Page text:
Aurora expects the Texas truck fleet to be fully autonomous by the end of 2024

Aurora expects the Texas truck fleet to be fully autonomous by the end of 2024

Palmer, Texas — Tune into WFAA News at 10pm on Monday, November 13 to see the full story.

The concept of self-driving vehicles was once a topic for the future, but not anymore — and certainly not in Texas, which has become a magnet for technology companies working in the field of self-driving.

A short 30-mile drive on Interstate 45 from downtown Dallas to the small town of Palmer, Texas, that future stands at a station operated by Aurora, a transportation company that plans to make its fleet of self-driving trucks fully autonomous. Shipments through Texas by the end of 2024.

“Autonomy is absolutely here,” Aurora President Osa Fisher said.

Many Texas drivers have likely driven alongside these self-driving trucks on highways without even noticing: For now, to meet its own internal safety protocols, Aurora is currently operating 75 independent truckloads across Texas each week To partners like FedEx, Uber Freight, Warner, and Schneider, to name a few. Each trip is accompanied by a long-serving driver and operations specialist, who sit behind the wheel and passenger seat respectively to provide safety procedures, feedback and training to the Aurora systems – while they are in the truck.

“We drive self-driving loads every day on Texas highways,” Fisher said, noting that her company has already fully mapped shipping routes from Dallas to Houston and back, and from Fort Worth to El Paso and back.

Although humans are currently sitting in taxis, technology is actually lifting the burden on these drives. On a flight during a transport flight in September, WFAA was able to observe the technology firsthand. Throughout the trip, the driver kept his fingers inches from the steering wheel, and his foot close to the pedal — just in case he needed to take over. But he barely flinched. Instead, it was Aurora’s technology that moved the entire truck, even changing lanes to avoid merging traffic.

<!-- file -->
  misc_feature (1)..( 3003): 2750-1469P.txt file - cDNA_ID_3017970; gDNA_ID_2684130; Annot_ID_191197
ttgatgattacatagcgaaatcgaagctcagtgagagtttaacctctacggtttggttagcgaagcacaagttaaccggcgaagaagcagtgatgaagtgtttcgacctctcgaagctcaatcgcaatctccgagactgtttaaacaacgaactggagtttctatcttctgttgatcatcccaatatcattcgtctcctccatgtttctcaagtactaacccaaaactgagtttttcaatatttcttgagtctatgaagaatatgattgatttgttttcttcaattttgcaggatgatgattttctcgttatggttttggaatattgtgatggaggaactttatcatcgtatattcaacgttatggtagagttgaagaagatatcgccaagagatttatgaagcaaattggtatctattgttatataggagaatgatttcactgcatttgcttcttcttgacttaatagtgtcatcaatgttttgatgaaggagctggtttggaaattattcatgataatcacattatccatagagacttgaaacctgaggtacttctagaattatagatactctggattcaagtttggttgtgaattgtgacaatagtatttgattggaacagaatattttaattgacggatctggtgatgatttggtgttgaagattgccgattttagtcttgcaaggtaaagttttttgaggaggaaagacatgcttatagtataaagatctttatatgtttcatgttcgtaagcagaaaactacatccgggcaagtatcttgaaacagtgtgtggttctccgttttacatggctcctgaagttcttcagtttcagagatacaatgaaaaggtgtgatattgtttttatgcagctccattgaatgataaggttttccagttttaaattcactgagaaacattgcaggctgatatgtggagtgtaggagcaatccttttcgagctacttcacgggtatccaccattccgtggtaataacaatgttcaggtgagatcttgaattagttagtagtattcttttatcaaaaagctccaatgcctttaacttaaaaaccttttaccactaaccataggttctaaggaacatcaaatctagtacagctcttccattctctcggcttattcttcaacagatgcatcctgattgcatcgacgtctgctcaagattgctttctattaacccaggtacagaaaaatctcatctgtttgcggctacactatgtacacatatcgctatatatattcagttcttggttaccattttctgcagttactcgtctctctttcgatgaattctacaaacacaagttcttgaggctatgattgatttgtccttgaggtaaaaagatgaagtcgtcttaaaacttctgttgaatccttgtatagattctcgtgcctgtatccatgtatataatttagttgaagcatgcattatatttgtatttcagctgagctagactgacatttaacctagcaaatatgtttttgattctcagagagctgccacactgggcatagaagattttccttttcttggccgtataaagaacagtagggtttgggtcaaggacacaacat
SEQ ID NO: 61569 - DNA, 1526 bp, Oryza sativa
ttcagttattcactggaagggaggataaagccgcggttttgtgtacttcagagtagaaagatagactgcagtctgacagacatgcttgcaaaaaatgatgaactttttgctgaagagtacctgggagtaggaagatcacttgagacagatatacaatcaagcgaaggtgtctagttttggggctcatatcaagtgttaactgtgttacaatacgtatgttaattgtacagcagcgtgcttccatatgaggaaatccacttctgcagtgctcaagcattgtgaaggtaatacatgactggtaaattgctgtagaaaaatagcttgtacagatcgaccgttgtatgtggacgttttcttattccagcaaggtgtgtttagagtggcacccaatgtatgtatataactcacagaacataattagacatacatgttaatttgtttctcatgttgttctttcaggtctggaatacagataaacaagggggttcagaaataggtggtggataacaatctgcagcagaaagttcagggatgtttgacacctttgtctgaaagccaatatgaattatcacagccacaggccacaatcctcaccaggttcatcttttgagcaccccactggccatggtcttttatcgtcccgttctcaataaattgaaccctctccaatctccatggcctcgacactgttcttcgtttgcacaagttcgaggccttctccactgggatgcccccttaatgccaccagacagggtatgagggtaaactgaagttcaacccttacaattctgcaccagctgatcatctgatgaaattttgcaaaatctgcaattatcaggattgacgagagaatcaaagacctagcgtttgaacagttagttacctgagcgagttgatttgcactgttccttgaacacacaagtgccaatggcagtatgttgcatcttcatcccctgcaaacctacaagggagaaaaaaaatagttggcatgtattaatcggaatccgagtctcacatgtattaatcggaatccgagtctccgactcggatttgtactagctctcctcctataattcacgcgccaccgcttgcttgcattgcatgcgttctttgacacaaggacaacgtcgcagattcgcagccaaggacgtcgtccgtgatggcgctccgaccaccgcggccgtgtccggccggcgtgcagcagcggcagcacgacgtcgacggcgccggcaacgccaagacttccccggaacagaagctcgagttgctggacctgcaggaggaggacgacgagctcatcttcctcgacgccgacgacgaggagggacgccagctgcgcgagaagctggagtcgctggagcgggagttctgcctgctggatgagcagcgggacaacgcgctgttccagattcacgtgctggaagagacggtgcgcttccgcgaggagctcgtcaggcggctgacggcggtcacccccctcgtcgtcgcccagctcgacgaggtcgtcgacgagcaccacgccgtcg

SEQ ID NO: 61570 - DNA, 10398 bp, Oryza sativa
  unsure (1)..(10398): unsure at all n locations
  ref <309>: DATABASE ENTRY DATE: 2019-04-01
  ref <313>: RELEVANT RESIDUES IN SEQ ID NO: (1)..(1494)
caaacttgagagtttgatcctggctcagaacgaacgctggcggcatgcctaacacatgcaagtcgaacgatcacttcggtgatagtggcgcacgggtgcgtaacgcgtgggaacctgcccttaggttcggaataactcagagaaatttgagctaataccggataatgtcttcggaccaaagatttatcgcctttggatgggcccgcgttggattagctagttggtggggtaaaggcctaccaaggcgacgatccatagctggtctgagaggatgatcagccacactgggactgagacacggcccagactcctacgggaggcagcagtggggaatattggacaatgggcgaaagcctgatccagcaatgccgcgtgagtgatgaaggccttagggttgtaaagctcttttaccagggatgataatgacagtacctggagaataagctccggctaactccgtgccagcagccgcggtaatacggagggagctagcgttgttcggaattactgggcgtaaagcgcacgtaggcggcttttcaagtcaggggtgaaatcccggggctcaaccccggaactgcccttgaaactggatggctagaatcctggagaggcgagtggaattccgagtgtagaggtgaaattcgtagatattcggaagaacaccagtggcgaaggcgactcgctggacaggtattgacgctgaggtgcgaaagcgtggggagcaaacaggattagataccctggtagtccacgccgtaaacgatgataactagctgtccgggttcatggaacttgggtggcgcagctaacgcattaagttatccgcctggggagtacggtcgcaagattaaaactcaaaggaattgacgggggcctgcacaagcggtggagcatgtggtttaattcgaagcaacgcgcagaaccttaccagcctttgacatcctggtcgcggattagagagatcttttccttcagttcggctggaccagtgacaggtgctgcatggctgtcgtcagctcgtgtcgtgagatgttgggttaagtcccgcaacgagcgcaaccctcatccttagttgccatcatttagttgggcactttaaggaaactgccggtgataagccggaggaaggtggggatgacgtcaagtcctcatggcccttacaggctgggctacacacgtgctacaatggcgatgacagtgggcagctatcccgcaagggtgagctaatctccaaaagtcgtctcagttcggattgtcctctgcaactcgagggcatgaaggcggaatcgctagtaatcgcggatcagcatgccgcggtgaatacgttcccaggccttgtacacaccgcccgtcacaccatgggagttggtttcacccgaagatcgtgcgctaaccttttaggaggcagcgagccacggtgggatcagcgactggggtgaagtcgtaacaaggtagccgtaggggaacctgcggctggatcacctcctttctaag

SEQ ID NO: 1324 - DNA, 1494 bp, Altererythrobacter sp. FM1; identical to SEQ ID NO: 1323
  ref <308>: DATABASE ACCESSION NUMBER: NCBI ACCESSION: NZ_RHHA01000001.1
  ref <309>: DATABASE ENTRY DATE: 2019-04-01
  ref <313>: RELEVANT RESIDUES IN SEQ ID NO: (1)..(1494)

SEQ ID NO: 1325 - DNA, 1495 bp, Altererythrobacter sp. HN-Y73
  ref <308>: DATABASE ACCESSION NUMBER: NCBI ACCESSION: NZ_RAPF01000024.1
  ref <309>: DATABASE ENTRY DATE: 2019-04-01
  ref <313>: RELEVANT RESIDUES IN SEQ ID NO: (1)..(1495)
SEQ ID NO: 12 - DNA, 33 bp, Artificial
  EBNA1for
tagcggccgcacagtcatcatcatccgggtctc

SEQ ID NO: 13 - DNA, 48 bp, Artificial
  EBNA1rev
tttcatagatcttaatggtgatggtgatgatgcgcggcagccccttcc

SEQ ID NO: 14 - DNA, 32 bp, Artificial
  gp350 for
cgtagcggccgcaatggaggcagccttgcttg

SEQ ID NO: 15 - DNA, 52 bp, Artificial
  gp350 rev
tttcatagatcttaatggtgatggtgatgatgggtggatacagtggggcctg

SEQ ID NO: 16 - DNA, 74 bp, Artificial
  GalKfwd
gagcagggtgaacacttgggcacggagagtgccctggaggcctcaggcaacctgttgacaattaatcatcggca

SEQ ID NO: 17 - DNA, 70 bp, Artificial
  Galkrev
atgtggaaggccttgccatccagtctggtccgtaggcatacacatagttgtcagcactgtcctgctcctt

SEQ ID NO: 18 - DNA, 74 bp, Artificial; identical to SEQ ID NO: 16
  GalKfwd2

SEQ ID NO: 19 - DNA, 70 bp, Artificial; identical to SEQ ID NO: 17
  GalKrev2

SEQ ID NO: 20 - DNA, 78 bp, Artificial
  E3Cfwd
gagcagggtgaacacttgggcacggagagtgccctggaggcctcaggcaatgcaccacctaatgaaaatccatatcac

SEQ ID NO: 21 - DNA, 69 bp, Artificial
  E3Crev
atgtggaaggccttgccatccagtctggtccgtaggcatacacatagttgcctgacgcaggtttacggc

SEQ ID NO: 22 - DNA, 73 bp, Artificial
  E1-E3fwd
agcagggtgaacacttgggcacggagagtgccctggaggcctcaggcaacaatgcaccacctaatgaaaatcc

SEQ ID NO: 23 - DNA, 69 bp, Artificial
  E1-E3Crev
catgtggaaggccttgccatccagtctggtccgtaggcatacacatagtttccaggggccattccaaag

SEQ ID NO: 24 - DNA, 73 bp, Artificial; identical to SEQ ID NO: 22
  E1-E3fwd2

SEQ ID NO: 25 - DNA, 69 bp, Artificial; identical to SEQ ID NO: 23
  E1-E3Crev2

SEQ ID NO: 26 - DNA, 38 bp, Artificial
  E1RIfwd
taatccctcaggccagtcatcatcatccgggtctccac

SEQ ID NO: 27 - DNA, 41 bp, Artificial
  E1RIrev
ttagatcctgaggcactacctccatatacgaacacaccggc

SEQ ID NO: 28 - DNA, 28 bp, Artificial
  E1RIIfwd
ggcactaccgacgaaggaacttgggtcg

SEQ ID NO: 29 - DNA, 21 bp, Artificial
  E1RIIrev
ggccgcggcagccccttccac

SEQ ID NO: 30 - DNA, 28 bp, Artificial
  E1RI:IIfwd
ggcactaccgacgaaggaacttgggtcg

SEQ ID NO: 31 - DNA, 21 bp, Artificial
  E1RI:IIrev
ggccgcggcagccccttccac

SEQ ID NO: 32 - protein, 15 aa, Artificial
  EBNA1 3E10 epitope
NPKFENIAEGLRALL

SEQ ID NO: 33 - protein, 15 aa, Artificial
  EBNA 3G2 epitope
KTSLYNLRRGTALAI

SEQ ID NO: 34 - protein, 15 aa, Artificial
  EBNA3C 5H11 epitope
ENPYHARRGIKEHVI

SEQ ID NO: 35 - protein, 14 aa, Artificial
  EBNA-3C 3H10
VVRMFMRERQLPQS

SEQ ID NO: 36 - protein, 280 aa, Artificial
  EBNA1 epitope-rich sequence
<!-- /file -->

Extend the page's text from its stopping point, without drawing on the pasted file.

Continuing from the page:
Aurora’s fleet does this by processing information obtained from long-range sensors, radar and cameras equipped with each of its trucks. Fisher said her trucks can see up to four football fields in front of their locations on the highway at a given time. Processing this information allows the truck to respond to lane changes 9 to 11 seconds faster than humans, she said.

“We can see an almost 360-degree view of the world,” Fisher said.

Nearly 20 percent of the nation’s shipments pass through Texas, which explains how the state finds itself at the forefront of this trend. It also helps that state policies have long played an integral role in fostering an environment that supports trucking. Fisher said weather, favorable laws and geographic strategic business partners made Texas an obvious choice for her company’s headquarters.

Heck, even Texas truck drivers say they’re on board with this future, too.

Gary Babbitt has spent more than four decades driving trucks. Babbitt, a Texas and national Driver of the Year, said he has driven 5.4 million miles during his career, without a single accident. He now works as a consultant for self-driving truck technology. He said He’s done the research, and believes self-driving trucks are a necessary complement to the severe driver shortage.

“It’s all about safety and saving lives,” Babbitt said. “Sure, you’ll have skeptics.”

Critics worry about road safety and the technology that could be hacked. They point out that autonomous driving, so far, has not proven effective in cold climates where ice and snow can make driving more difficult. Aurora has recognized this as a growth point and will work to address it.

“We stayed away from the ice and snow,” Fisher said. “That’s definitely the plan to bring it into the fold.”

Meanwhile, in Texas anyway, skeptics are largely left in the dust of self-driving trucks.

John Esparza, president of the Texas Trucking Association, said he welcomes the automated future of his industry.

“That truck is actually reacting to something I can’t even see happening,” he said. “(And) we can’t keep up with the amount of freight coming through our state (as it is).”

It is also important to note that truck drivers will remain part of the equation for the foreseeable future. As Aurora expands across Sunbelt states from coast to coast, its routes will be planned as hub-to-hub deliveries, with human drivers handling shipments at those ports and bringing them to their final destinations.

This model could go a long way toward improving work-life balance for truck drivers, Esparza noted.

“It’s revolutionary and evolutionary,” Esparza said. “You’ll see more opportunities for drivers to get home at night.”

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